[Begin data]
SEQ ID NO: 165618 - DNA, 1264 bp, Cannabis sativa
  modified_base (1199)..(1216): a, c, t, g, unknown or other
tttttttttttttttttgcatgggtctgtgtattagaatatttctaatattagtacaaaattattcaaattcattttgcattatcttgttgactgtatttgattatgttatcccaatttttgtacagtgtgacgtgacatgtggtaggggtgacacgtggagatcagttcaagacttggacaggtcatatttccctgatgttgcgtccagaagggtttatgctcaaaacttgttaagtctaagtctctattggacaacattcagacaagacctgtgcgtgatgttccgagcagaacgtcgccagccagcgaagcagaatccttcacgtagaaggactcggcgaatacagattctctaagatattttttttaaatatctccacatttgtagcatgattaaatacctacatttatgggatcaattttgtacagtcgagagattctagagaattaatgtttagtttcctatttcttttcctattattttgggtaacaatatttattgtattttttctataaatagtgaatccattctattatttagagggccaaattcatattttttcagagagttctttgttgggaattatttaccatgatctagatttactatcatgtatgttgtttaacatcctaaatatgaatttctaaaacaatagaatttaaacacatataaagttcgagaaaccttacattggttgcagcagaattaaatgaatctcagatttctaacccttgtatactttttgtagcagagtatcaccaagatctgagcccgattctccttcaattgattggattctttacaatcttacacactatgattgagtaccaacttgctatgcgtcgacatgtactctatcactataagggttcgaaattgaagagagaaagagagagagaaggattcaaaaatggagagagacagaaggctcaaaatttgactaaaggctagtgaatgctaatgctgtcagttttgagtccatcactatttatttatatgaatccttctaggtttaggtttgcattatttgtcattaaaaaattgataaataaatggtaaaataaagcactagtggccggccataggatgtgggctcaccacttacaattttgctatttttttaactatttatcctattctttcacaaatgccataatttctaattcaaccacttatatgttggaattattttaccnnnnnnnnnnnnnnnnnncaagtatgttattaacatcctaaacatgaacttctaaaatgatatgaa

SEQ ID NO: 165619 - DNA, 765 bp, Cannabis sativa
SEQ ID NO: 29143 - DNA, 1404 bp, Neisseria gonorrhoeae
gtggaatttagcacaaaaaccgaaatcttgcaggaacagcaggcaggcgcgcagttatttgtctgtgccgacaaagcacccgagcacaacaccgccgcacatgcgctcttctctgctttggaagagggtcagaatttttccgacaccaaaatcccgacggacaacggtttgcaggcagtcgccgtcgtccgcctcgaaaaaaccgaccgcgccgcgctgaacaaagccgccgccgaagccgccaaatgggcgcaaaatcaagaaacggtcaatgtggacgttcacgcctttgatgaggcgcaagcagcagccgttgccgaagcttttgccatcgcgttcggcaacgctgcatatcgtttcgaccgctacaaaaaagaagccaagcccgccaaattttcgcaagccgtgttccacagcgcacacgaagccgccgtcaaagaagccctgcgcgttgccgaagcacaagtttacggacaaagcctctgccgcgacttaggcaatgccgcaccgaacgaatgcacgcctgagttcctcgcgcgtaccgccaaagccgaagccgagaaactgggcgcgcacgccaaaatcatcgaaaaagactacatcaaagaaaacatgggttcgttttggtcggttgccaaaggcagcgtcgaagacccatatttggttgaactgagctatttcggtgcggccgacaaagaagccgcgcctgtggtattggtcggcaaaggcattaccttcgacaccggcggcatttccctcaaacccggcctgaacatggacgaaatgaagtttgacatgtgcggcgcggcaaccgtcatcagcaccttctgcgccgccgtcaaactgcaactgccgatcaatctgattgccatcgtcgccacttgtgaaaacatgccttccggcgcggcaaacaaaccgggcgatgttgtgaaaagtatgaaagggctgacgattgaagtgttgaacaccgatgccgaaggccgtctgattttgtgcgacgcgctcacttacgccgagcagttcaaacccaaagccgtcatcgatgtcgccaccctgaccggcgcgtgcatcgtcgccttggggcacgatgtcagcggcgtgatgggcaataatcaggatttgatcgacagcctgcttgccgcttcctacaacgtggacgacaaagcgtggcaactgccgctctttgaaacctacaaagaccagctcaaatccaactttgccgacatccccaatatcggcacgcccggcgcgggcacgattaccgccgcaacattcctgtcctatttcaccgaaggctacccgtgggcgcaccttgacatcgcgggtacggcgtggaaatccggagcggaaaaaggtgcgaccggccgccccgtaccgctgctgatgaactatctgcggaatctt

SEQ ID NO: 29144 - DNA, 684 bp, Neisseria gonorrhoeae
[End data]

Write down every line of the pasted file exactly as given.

SEQ ID NO: 165618 - DNA, 1264 bp, Cannabis sativa
  modified_base (1199)..(1216): a, c, t, g, unknown or other
tttttttttttttttttgcatgggtctgtgtattagaatatttctaatattagtacaaaattattcaaattcattttgcattatcttgttgactgtatttgattatgttatcccaatttttgtacagtgtgacgtgacatgtggtaggggtgacacgtggagatcagttcaagacttggacaggtcatatttccctgatgttgcgtccagaagggtttatgctcaaaacttgttaagtctaagtctctattggacaacattcagacaagacctgtgcgtgatgttccgagcagaacgtcgccagccagcgaagcagaatccttcacgtagaaggactcggcgaatacagattctctaagatattttttttaaatatctccacatttgtagcatgattaaatacctacatttatgggatcaattttgtacagtcgagagattctagagaattaatgtttagtttcctatttcttttcctattattttgggtaacaatatttattgtattttttctataaatagtgaatccattctattatttagagggccaaattcatattttttcagagagttctttgttgggaattatttaccatgatctagatttactatcatgtatgttgtttaacatcctaaatatgaatttctaaaacaatagaatttaaacacatataaagttcgagaaaccttacattggttgcagcagaattaaatgaatctcagatttctaacccttgtatactttttgtagcagagtatcaccaagatctgagcccgattctccttcaattgattggattctttacaatcttacacactatgattgagtaccaacttgctatgcgtcgacatgtactctatcactataagggttcgaaattgaagagagaaagagagagagaaggattcaaaaatggagagagacagaaggctcaaaatttgactaaaggctagtgaatgctaatgctgtcagttttgagtccatcactatttatttatatgaatccttctaggtttaggtttgcattatttgtcattaaaaaattgataaataaatggtaaaataaagcactagtggccggccataggatgtgggctcaccacttacaattttgctatttttttaactatttatcctattctttcacaaatgccataatttctaattcaaccacttatatgttggaattattttaccnnnnnnnnnnnnnnnnnncaagtatgttattaacatcctaaacatgaacttctaaaatgatatgaa

SEQ ID NO: 165619 - DNA, 765 bp, Cannabis sativa
SEQ ID NO: 29143 - DNA, 1404 bp, Neisseria gonorrhoeae
gtggaatttagcacaaaaaccgaaatcttgcaggaacagcaggcaggcgcgcagttatttgtctgtgccgacaaagcacccgagcacaacaccgccgcacatgcgctcttctctgctttggaagagggtcagaatttttccgacaccaaaatcccgacggacaacggtttgcaggcagtcgccgtcgtccgcctcgaaaaaaccgaccgcgccgcgctgaacaaagccgccgccgaagccgccaaatgggcgcaaaatcaagaaacggtcaatgtggacgttcacgcctttgatgaggcgcaagcagcagccgttgccgaagcttttgccatcgcgttcggcaacgctgcatatcgtttcgaccgctacaaaaaagaagccaagcccgccaaattttcgcaagccgtgttccacagcgcacacgaagccgccgtcaaagaagccctgcgcgttgccgaagcacaagtttacggacaaagcctctgccgcgacttaggcaatgccgcaccgaacgaatgcacgcctgagttcctcgcgcgtaccgccaaagccgaagccgagaaactgggcgcgcacgccaaaatcatcgaaaaagactacatcaaagaaaacatgggttcgttttggtcggttgccaaaggcagcgtcgaagacccatatttggttgaactgagctatttcggtgcggccgacaaagaagccgcgcctgtggtattggtcggcaaaggcattaccttcgacaccggcggcatttccctcaaacccggcctgaacatggacgaaatgaagtttgacatgtgcggcgcggcaaccgtcatcagcaccttctgcgccgccgtcaaactgcaactgccgatcaatctgattgccatcgtcgccacttgtgaaaacatgccttccggcgcggcaaacaaaccgggcgatgttgtgaaaagtatgaaagggctgacgattgaagtgttgaacaccgatgccgaaggccgtctgattttgtgcgacgcgctcacttacgccgagcagttcaaacccaaagccgtcatcgatgtcgccaccctgaccggcgcgtgcatcgtcgccttggggcacgatgtcagcggcgtgatgggcaataatcaggatttgatcgacagcctgcttgccgcttcctacaacgtggacgacaaagcgtggcaactgccgctctttgaaacctacaaagaccagctcaaatccaactttgccgacatccccaatatcggcacgcccggcgcgggcacgattaccgccgcaacattcctgtcctatttcaccgaaggctacccgtgggcgcaccttgacatcgcgggtacggcgtggaaatccggagcggaaaaaggtgcgaccggccgccccgtaccgctgctgatgaactatctgcggaatctt

SEQ ID NO: 29144 - DNA, 684 bp, Neisseria gonorrhoeae